There are some deep and interesting issues involved in the debate over behavioural economics. Greg Hill posted a comment on my previous blog where he says:

If preferences are fixed, then we face a second question. What form do they take? For a long time, macroeconomists assumed that people maximize the discounted present value of a time and state separable von Neumann Morgenstern expected utility function. The narrow version of behavioural economics asserts that this assumption is wrong; but people are still utility maximizers.

Finance economists seeking to reconcile macroeconomics with finance theory have already taken up that challenge (see the survey here on Exotic Preferences in Macroeconomics). The dominant view in finance theory is that people maximize the present discounted value of a subclass of preferences first formalized by Epstein and Zin. These preferences drop one of the key assumptions of Von-Neumann Morgenstern; that the date at which information is revealed is irrelevant. There are also more radical possibilities. The original version of the Epstein Zin utility function also allows for dropping a more fundamental assumption, called the independence axiom.

My point here, is that neoclassical economics can absorb the criticisms of the behaviourists without a major shift in its underlying assumptions. The 'anomalies' pointed out by psychologists are completely consistent with maximizing behaviour, as long as we do not impose any assumptions on the form of the utility function defined over goods that are dated and indexed by state of nature.

There is a deeper, more fundamental critique. If we assert that the form of the utility function is influenced by 'persuasion', then we lose the intellectual foundation for much of welfare economics. That is a much more interesting project that requires us to rethink what we mean by individualism.

Now, you really have to ask yourself whether the kind of rationality involved in [Thaler's idea of a nudge], where a minimal change in cost results in a significant change of behavior, is same kind of rationality Lucas and Sargent have in mind.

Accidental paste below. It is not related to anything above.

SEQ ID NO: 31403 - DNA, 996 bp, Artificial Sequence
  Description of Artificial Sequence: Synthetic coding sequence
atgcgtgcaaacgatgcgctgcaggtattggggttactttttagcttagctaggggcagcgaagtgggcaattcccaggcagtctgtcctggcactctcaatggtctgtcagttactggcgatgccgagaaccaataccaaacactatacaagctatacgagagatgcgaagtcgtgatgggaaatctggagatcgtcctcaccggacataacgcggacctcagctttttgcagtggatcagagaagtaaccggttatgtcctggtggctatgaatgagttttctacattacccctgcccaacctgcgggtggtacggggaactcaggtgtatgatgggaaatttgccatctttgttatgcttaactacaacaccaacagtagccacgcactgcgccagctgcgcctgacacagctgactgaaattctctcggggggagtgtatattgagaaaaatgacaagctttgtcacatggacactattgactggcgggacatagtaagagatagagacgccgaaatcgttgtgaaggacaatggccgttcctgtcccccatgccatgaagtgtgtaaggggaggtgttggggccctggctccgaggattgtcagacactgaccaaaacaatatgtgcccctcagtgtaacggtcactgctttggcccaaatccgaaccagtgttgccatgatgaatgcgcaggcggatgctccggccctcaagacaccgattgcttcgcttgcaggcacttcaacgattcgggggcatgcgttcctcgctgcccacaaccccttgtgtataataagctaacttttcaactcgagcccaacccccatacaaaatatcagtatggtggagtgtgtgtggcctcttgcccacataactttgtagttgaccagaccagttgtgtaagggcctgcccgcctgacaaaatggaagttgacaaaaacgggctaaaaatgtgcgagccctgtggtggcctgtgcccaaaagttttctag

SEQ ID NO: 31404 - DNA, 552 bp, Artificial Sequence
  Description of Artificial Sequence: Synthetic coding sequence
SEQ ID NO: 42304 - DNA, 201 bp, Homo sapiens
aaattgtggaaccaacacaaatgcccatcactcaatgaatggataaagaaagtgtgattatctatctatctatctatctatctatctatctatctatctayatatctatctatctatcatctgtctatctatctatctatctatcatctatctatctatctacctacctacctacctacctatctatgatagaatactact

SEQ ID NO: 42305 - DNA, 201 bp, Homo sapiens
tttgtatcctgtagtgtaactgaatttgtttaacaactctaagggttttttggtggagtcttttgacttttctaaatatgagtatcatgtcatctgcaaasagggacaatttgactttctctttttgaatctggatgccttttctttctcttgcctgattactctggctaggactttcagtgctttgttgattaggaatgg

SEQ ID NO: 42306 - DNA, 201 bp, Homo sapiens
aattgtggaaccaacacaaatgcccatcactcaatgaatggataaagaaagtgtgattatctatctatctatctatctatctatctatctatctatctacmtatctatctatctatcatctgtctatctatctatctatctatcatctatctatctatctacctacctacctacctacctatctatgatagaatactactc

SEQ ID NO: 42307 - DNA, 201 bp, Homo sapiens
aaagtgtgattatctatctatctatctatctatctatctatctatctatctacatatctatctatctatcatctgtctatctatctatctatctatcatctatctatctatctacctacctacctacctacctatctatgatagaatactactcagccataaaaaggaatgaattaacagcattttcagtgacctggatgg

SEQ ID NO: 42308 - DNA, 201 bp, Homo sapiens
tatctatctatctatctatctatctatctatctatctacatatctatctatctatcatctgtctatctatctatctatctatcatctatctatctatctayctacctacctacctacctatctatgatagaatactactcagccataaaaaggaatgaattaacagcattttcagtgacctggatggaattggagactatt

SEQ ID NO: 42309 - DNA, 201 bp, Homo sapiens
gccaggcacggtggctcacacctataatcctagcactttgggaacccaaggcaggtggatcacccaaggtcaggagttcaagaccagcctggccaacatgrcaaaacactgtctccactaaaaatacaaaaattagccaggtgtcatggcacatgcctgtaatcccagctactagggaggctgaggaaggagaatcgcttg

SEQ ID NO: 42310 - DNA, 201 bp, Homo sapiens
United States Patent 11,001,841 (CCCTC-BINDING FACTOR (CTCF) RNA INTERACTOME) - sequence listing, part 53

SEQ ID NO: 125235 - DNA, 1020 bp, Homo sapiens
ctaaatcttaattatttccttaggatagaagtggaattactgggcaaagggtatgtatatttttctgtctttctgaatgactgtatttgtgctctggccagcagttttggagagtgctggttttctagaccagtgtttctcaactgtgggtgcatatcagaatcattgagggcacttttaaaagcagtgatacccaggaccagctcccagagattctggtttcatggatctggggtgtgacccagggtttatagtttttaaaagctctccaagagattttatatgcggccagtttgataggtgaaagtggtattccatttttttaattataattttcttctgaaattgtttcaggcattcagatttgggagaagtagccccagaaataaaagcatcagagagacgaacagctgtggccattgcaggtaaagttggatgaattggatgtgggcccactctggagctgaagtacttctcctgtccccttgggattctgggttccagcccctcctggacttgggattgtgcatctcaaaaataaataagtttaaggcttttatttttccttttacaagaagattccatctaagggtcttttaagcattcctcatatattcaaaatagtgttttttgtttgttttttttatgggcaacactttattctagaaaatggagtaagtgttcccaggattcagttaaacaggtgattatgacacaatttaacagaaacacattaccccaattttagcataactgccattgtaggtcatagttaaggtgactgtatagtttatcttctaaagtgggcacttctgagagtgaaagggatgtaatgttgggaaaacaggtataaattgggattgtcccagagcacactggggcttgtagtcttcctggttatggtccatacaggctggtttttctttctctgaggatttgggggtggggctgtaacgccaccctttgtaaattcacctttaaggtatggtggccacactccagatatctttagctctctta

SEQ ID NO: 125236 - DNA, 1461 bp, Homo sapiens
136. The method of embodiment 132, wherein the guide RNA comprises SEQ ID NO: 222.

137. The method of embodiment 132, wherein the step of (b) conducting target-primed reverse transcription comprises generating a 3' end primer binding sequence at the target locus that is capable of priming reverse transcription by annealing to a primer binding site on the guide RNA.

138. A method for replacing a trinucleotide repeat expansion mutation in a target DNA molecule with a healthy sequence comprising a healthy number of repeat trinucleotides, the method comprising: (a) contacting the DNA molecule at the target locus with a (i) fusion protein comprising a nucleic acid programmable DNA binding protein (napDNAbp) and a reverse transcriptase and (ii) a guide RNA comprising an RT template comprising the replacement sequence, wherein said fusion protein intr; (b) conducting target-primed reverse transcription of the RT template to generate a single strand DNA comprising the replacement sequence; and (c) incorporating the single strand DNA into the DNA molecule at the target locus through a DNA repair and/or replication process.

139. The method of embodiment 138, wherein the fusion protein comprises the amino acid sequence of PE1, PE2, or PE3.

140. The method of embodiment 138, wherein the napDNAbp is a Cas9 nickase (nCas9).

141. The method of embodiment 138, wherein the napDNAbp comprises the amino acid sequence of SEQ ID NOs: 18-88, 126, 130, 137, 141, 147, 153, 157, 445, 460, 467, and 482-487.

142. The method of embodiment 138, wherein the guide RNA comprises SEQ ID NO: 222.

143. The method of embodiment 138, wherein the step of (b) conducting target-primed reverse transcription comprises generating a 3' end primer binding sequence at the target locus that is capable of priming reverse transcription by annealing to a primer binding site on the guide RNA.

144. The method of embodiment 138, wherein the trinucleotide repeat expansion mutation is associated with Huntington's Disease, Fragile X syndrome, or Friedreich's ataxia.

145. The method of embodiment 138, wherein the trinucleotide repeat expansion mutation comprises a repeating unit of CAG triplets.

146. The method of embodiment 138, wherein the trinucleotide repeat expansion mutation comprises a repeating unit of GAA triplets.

That led me to explain my views a little further.

The most interesting issue [with behavioural economics] is whether we should continue to accept the neoclassical assumption that preferences are fixed. Let's go with that assumption for a moment.

If preferences are fixed, then we face a second question. What form do they take? For a long time, macroeconomists assumed that people maximize the discounted present value of a time and state separable von Neumann Morgenstern expected utility function. The narrow version of behavioural economics asserts that this assumption is wrong; but people are still utility maximizers.

Finance economists seeking to reconcile macroeconomics with finance theory have already taken up that challenge (see the survey here on Exotic Preferences in Macroeconomics). The dominant view in finance theory is that people maximize the present discounted value of a subclass of preferences first formalized by Epstein and Zin. These preferences drop one of the key assumptions of Von-Neumann Morgenstern; that the date at which information is revealed is irrelevant. There are also more radical possibilities. The original version of the Epstein Zin utility function also allows for dropping a more fundamental assumption, called the independence axiom.

My point here, is that neoclassical economics can absorb the criticisms of the behaviourists without a major shift in its underlying assumptions. The 'anomalies' pointed out by psychologists are completely consistent with maximizing behaviour, as long as we do not impose any assumptions on the form of the utility function defined over goods that are dated and indexed by state of nature.

There is a deeper, more fundamental critique. If we assert that the form of the utility function is influenced by 'persuasion', then we lose the intellectual foundation for much of welfare economics. That is a much more interesting project that requires us to rethink what we mean by individualism.

Greg also asks

“can we understand all the failures of classical macroeconomics without giving up both rational choice and the premise that all markets clear?” If anyone can make a persuasive case for the “yes” answer, I believe you can."

My response. Yes we can and should maintain rational choice, rational expectations and market clearing: but that requires a radical change in the way we define equilibrium. As I have done here.